State Senator Diane Savino represents northern Staten Island and parts of southwest Brooklyn.

State Senator Diane Savino represents northern Staten Island and parts of southwest Brooklyn.

It’s pretty tough to find a bike lane when the bike network is as threadbare as Staten Island’s, and the few lanes that do exist are constantly obstructed by parked cars. And it’s probably been a very long time since Savino saw city streets from behind handlebars instead of a windshield. In this interview with WNYC’s Brian Lehrer that aired a few years ago, Savino suggested biking to Shea Stadium using basically the same route you would take in a car — a lot of highway service roads with no bike lanes.

Here’s an invitation to Savino from Brooklyn Spoke author Doug Gordon (lightly edited for the blog — here’s the original):

Dear Senator Savino,

As a father of two young children, I was very disturbed by your recent comments on Facebook in which you admitted to swearing at cyclists from your car and telling them to get in a bike lane.

I ride my children to school almost every day and then head to work. We bike to swim lessons, gymnastics, birthday parties, parks, and to the grocery store. With or without my children, I have been harassed many times by drivers who think New York City’s streets belong solely to them. It doesn’t matter what I’m doing – riding in a bike lane or legally exiting a bike lane to make a turn or avoid an obstruction such as a parked car – there is truly nothing I can do to stop an angry driver who simply doesn’t like bicycles from getting upset with me.

I ask you to kindly join me and my children, along with any other families who would like to come, on a short bike ride. It might be helpful for you to experience what it feels like to bike on New York City streets. Please respond with a date and time that’s convenient for you and I’ll gladly help work out the details.

Let’s see if something good can come out of all this. A few years ago, Savino’s boyfriend, State Senator Jeff Klein, had his own angry encounter with a cyclist go public, but more recently he’s been instrumental in moving important street safety legislation through Albany. Thanks in no small part to Klein, NYC now has a lower citywide speed limit and an automated speed enforcement program.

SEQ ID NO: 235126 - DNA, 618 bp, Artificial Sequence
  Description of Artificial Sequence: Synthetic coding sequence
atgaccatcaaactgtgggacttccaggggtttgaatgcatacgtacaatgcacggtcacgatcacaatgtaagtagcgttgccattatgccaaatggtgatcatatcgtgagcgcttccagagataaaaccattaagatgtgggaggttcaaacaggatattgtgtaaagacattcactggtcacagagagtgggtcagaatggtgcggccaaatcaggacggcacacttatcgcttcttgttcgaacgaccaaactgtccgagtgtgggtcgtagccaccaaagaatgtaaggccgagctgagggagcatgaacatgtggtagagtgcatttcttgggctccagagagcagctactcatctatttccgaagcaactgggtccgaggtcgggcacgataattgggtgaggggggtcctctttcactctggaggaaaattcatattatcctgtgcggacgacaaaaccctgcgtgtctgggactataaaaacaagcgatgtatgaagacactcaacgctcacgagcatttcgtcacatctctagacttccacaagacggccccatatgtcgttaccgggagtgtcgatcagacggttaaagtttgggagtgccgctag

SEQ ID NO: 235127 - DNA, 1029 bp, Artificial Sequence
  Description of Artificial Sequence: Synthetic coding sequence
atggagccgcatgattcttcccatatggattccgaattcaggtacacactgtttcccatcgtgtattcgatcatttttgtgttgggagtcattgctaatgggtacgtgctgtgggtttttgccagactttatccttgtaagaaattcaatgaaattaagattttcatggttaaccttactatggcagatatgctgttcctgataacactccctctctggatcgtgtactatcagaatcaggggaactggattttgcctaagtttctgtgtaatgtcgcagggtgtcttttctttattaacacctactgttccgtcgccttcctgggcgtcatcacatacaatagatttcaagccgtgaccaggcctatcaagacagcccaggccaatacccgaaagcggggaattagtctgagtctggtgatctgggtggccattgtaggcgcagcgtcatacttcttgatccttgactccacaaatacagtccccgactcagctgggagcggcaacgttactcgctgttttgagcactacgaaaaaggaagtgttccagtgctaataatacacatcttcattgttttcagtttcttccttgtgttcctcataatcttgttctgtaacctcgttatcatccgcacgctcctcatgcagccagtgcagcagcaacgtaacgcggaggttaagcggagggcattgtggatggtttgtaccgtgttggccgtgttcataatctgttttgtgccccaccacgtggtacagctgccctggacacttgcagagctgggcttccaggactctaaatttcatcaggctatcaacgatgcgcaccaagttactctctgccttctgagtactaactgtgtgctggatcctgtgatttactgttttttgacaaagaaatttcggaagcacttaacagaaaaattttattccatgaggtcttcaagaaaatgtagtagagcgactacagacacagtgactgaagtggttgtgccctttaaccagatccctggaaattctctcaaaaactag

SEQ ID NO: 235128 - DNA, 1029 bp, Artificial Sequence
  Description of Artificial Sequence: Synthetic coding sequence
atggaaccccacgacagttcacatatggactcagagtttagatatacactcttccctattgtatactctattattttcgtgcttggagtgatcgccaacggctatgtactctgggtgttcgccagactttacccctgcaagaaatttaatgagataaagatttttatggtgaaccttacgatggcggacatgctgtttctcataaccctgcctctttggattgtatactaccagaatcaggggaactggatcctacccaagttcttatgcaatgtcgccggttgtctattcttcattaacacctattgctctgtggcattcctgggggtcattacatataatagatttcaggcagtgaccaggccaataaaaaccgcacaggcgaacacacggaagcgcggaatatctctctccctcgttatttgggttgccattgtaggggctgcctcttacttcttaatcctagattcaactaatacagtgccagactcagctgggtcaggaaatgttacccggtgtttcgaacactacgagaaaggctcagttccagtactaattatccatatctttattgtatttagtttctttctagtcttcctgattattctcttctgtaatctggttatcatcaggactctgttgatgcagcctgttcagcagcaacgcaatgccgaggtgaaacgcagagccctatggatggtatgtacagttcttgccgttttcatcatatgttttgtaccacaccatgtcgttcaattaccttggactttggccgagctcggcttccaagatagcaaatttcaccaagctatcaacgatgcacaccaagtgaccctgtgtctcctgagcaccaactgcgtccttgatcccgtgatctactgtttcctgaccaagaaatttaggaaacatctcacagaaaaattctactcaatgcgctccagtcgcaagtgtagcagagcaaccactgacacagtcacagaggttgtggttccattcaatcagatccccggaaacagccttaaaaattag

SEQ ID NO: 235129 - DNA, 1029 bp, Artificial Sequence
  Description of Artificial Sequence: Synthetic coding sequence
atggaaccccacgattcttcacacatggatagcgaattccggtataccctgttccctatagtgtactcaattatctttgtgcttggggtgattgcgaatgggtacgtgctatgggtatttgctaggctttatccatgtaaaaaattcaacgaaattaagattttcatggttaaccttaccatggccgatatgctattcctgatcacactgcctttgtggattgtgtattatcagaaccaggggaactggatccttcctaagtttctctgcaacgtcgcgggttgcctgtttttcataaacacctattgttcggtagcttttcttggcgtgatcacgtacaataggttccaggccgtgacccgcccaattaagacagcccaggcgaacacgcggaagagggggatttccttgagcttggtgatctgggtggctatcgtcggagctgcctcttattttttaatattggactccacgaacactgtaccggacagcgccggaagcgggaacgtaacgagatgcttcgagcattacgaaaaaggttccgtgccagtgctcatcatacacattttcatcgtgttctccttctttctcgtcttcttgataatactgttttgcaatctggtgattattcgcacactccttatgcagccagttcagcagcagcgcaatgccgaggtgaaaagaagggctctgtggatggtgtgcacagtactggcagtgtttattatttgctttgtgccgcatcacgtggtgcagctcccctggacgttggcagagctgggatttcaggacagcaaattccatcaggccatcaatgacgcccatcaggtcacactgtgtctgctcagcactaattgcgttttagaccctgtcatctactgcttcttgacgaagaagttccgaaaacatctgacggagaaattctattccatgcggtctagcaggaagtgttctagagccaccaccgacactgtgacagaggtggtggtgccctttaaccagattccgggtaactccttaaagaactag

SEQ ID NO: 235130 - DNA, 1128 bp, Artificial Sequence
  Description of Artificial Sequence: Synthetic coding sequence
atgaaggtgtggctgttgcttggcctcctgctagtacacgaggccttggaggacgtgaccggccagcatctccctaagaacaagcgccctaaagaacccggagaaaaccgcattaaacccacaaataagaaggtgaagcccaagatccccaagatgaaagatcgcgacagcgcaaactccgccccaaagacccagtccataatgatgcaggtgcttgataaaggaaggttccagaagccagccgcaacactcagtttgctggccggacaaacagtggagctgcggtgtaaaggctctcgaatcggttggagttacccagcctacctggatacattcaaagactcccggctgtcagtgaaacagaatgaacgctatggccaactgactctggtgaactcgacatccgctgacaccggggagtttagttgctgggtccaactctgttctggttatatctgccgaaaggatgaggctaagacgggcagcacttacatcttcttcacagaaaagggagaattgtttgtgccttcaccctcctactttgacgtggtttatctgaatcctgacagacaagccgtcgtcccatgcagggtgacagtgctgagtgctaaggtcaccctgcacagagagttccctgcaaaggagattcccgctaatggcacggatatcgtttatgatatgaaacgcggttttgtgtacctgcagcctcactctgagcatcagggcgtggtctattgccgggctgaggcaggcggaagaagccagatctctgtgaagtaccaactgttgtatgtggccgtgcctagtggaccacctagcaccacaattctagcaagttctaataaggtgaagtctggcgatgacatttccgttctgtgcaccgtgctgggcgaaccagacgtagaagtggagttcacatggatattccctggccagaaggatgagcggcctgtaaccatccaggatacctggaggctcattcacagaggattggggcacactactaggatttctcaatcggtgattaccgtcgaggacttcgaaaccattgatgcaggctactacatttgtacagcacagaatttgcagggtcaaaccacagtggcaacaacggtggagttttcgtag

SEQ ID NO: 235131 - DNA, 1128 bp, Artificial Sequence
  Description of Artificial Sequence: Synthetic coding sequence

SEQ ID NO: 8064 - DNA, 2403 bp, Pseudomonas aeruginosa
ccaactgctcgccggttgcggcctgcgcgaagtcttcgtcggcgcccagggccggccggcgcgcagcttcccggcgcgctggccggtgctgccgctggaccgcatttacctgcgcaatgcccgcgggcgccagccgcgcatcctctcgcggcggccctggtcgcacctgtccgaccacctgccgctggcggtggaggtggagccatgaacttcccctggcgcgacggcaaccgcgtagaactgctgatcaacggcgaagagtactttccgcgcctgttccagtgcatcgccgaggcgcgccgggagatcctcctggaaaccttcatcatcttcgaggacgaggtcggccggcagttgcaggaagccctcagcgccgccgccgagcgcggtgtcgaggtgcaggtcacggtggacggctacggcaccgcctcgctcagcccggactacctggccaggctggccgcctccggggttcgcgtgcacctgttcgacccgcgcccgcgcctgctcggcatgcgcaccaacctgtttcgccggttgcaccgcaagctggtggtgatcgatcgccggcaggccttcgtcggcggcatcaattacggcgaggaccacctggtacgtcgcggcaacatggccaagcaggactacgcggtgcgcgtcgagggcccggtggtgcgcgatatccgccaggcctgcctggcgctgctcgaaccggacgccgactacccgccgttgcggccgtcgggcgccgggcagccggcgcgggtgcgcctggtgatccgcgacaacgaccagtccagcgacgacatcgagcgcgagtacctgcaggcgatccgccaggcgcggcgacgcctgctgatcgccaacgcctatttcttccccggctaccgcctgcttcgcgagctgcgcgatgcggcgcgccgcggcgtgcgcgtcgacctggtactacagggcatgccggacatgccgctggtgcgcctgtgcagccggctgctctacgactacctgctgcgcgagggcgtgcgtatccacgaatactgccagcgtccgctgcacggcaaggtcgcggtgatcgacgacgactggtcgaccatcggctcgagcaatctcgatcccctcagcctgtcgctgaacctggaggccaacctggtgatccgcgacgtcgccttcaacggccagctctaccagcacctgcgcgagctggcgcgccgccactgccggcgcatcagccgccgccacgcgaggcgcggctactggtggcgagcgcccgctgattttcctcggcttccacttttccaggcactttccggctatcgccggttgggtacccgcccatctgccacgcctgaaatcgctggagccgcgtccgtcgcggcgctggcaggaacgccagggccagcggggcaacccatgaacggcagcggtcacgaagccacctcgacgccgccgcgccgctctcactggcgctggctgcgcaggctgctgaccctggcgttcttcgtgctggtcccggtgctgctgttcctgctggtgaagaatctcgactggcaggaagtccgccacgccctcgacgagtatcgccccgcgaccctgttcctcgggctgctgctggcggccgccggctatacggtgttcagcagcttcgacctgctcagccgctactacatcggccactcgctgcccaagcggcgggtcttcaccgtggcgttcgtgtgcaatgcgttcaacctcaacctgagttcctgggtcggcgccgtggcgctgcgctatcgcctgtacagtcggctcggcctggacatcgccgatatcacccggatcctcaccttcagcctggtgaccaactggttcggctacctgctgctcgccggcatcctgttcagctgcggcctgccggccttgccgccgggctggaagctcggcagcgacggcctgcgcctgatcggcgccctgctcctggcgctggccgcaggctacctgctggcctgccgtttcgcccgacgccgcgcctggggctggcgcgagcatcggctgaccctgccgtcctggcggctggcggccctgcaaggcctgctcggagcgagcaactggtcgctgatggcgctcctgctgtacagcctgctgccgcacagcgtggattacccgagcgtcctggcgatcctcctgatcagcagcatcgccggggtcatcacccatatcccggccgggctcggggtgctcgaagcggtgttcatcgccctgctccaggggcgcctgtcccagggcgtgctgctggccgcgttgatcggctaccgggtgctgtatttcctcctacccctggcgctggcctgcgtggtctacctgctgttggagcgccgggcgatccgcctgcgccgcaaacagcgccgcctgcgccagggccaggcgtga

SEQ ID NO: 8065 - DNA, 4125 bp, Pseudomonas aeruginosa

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Diane Savino: “Hey, Find a F—ing Bike Lane and Get in It”

When someone is seriously hurt in traffic, which happens several times a day in New York, it should prompt an effort to figure out exactly what happened and prevent it from happening again. For some reason, though, when a motorist does the injuring, it usually gets a collective shrug from police and the NYC press corps. Then, in the rare instance when a cyclist inflicts grave injuries, the response tends to bypass truth-seeking and detour rapidly into blanket generalizations about everyone who bikes.

After cyclist Jason Marshall struck and killed Jill Tarlov on the Central Park loop last week, the actions of one individual have justified, in certain quarters (like the New Yorker website), sweeping assumptions about “bicyclists’ self-righteousness.” In other corners of the internet, it’s an occasion to vent aggression at all cyclists.

A recent Facebook post from Mike McGuire, who judging by his LinkedIn profile and Twitter bio is deeply embedded in New York City politics, mistakenly accuses Eben Weiss (a.k.a. Bike Snob) and, by extension, “the bike community” of blaming the victim in the Central Park crash. If you read Weiss’s post, you’ll see that he was, in fact, assigning responsibility to the cyclist.

What makes McGuire’s post noteworthy is what happened next — an exchange with State Senator Diane Savino, who represents northern Staten Island and parts of southwest Brooklyn:

savino_bike_quotes

Streetsblog contacted Savino for an explanation of her statements on Facebook. Her office declined to comment.

We’re left with this back-and-forth as a record of how some members of New York’s political class talk about people who bike, when they’re among friends.

Update: Savino told the Daily News that her comment was made in jest. But she is serious about safety and Vision Zero, and that’s why something must be done about cyclists who are “moving sometimes at 40 miles an hour.” Be warned: She expects some type of action in Albany next session to legislate bike safety, but she doesn’t intend to introduce it herself.

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Garodnick Endorses Complete Streets for Fifth and Sixth Avenues

The next time someone tries to tell you that complete street designs with pedestrian islands and protected bike lanes are controversial, point them to what’s happening on Fifth, Sixth, and Seventh Avenues in Manhattan, where a united coalition of parents, business owners, elected officials, and community boards are begging DOT to design streets in the image of the already-remade First, Second, Eighth, and Ninth Avenues.

Think Fifth Avenue could be safer and better for bus riders, cyclists, and pedestrians? Dan Garodnick does. Photo: Canon/Flickr

Think Fifth Avenue could be safer and better for bus riders, cyclists, and pedestrians? Dan Garodnick does. Photo: Canon/Flickr